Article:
I'm hoping to find some quantitative info comparing pastured pork to conventional pork nutritionally. If you've ever seen such info, I'd be really interested to see it. If not, educated speculation is welcome. :-) Specifically, I'm wondering about the fat content and whether omnivorous animals is as adversely affected as that of ruminants when they pretty much just eat grain/soy, seeing as omnivores will not get as sick as cattle do on grain-based diets.
My husband and I bought Frederick, the 4-H pig recently at the county fair (having given up on finding pastured pork in our area). The girl who raised Frederick said he mostly ate grain and some soy and that he got to forage some. Frederick is certainly the best pork I've ever tasted. He was a healthy, handsome pig raised individually by a girl who really seemed to care a lot about the whole process, so I think Frederick is a far sight better than conventional, but he's still not up the level of a pastured pig. I'm just curious how great that divide is between conventional and pastured pork...
asked byKim (225)
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on August 19, 2010
at 11:54 PM
I've looked at the issue with respect to omega 6. I don't view pastured pork and industrial pork as that much different with respect to omega 6 because almost all pastured pork is fed corn. There are some old articles which can be found by google scholar which deal with the fatty acid composition of pigs based on what is fed to them. The more omega 6 their diet contains, the higher the omega 6 in their tissues. Feeding pigs less than .5% of their diet as omega 6 calories can get the omega 6 tissue content down to about 3% of fats. The other extreme, giving them lots of calories as omega 6 can get their tissue up to 47%. Modern research says that industrial pork is 15-27% omega 6 of fats. Nutrition Data says that pork has about 10% omega 6 is probably wrong.
Pigs aren't meant to eat grains such as corn nor soybeans. Their natural behavior indicates that they prefer digging for their food. Their natural diet is roots and tubers supplemented by whatever small animals they run across and maybe some green leafy matter. Corn is 4% omega 6 by calories. Various roots and tubers are .5%-1.5% omega 6 by calories and are balanced in omega 6/3.
Pigs can be raised on sweet potatoes as an energy source. This has been done in Vietnam, China, and Japan, although lately they started to also add corn to the diet. Pigs benefit from protein supplements because the protein in sweet potatoes is low and not very bioavailable. (Soybean meal, which is soybeans crushed to remove their soybean oil, is a common protein supplement.) Pigs in Europe are sometimes raised in a dairy operation and are fed dairy waste. I don't know what the best paleo protein supplement for pigs would be; just that omega 6 calories need to be low.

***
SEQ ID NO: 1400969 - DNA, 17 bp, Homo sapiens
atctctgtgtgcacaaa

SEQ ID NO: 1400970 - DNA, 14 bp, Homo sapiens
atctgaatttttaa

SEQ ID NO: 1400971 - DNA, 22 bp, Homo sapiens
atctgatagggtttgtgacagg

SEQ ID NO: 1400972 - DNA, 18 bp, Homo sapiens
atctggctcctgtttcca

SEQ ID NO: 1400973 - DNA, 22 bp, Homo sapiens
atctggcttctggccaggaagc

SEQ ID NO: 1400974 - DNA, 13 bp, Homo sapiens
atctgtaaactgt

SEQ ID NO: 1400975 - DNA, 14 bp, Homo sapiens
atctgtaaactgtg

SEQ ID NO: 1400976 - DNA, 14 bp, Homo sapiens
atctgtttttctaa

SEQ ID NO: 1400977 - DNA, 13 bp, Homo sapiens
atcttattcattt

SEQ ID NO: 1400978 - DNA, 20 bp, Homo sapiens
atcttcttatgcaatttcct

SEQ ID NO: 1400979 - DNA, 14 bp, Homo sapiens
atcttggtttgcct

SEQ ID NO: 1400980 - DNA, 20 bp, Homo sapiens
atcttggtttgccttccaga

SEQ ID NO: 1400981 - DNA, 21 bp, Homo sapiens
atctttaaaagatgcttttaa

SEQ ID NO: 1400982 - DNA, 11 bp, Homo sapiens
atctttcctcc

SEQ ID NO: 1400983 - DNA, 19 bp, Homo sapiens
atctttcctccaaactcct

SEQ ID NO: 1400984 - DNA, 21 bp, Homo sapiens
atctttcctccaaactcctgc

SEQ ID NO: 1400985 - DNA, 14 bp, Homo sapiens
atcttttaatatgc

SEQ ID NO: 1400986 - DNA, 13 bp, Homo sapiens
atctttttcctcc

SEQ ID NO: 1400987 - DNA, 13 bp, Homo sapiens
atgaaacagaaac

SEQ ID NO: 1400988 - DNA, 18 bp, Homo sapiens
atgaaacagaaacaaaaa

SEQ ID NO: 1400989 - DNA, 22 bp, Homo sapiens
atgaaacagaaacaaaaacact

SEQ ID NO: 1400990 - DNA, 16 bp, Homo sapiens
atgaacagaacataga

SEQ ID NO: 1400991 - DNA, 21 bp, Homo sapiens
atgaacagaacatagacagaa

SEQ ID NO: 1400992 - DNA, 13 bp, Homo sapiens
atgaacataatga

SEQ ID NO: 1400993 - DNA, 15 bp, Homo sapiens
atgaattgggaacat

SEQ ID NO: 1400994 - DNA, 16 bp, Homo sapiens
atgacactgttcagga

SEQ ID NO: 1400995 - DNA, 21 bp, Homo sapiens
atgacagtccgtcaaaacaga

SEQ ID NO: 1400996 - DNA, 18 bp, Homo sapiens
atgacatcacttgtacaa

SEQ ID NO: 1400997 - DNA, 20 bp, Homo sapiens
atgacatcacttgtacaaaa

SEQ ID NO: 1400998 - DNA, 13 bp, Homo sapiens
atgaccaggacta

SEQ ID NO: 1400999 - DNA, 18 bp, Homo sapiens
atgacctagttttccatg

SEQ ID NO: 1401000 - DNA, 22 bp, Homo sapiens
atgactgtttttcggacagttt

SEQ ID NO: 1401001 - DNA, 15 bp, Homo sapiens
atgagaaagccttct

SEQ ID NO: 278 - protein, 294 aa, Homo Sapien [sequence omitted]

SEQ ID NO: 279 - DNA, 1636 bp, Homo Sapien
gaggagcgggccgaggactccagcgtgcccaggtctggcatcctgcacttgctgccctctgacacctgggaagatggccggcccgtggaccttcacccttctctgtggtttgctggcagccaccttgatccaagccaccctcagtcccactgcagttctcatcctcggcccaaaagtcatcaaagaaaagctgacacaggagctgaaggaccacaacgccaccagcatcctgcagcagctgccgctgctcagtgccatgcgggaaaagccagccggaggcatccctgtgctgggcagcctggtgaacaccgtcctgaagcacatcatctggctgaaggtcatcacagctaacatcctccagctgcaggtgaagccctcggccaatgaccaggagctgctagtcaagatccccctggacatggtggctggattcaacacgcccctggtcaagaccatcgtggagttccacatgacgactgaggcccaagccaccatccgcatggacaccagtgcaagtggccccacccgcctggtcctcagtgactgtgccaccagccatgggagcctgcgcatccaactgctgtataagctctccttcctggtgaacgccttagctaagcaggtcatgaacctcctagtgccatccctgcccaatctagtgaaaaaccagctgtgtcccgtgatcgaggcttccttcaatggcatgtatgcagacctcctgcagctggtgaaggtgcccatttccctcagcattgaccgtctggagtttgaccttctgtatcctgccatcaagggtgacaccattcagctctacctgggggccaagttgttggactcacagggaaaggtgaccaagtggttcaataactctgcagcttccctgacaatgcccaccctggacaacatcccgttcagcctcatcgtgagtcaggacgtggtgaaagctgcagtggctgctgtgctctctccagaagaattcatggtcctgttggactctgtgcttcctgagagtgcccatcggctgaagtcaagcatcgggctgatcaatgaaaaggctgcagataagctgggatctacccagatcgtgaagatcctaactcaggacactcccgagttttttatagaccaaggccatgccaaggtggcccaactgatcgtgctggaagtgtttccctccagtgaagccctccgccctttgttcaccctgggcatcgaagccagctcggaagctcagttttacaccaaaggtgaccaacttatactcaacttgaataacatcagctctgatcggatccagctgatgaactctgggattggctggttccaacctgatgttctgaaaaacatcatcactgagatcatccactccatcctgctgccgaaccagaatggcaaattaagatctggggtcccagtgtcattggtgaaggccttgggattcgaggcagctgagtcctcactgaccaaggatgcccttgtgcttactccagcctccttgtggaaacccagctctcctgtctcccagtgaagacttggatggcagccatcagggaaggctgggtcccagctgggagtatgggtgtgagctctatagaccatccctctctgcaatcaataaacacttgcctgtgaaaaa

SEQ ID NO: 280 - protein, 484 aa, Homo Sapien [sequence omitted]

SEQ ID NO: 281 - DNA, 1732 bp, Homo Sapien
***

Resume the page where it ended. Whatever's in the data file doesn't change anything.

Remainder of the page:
on July 16, 2011
at 02:42 AM
The local farm where I am about to start getting my pork says they feed them:
Our pigs live off clover, grasses, and woodlands. We also supplement their diet with fresh ground alphalfa, corn, oats, barley, and wheat. We will feed alfalfa hay in the winter. Our pasture pork will be finished with apples, pears, acorns, and dairy products (really).
Even though they do consume some corn and other grains I'm still guessing the Omega profile will still be greatly improved over conventionally raised pork.
I'm going to take a tour of the farm next weekend and I'll see if they have any knowledge of the nutritional differences since they seem to have that up on their site for the grass fed cows, just not for the pigs.
Edit: I just noticed this really thorough post which pretty much covers it: http://paleohacks.com/questions/4444/what-should-pigs-be-eating/8962#8962
on November 22, 2013
at 03:14 AM
ah, no kidding. Pastured pork has an extra gear when it comes to taste. They will be excellent, so long as they can be outside and have a reasonably varied diet. The difference with supermarket pork is incredible.
on November 21, 2013
at 11:50 PM
I've had truly pastured pork (forage, vegetable and fruit scraps, plus a modest amount of non-GMO corn), and the taste is otherworldly. I could use a whole bunch of words, like rich, slightly gamey, and making my whole body happy, but you have to experience it to judge it.
on November 21, 2013
at 11:05 PM
I can tell you the wild pigs will eat anything they find, above or below ground. They will destroy a soy bean field quickly, eating the beans that have just been planted and started to germinate, then eating the bean pods, plants and roots after the plants grow. They are equally happy to destroy a wheat field. Shoot their family member, and they will eat him too. They dig holes in the cattle pastures that cattle step in and get hurt. Wild hogs are a horrible problem for the farmers in our area. If you really wanna be hardcore paleo, come out to Oklahoma and I'll hook you up with a place to shoot more wild pig than in your wildest dreams.
on October 04, 2012
at 07:58 PM
I know pigs like to hang out around hazelnut trees, thus the requirement of feeding them hazelnut before made into prosciutto de parma, they also dig truffle (or at least are made to) which is normally grown under hazelnut tree. I also heard chestnut is part of their natural diet and it increases omega-3.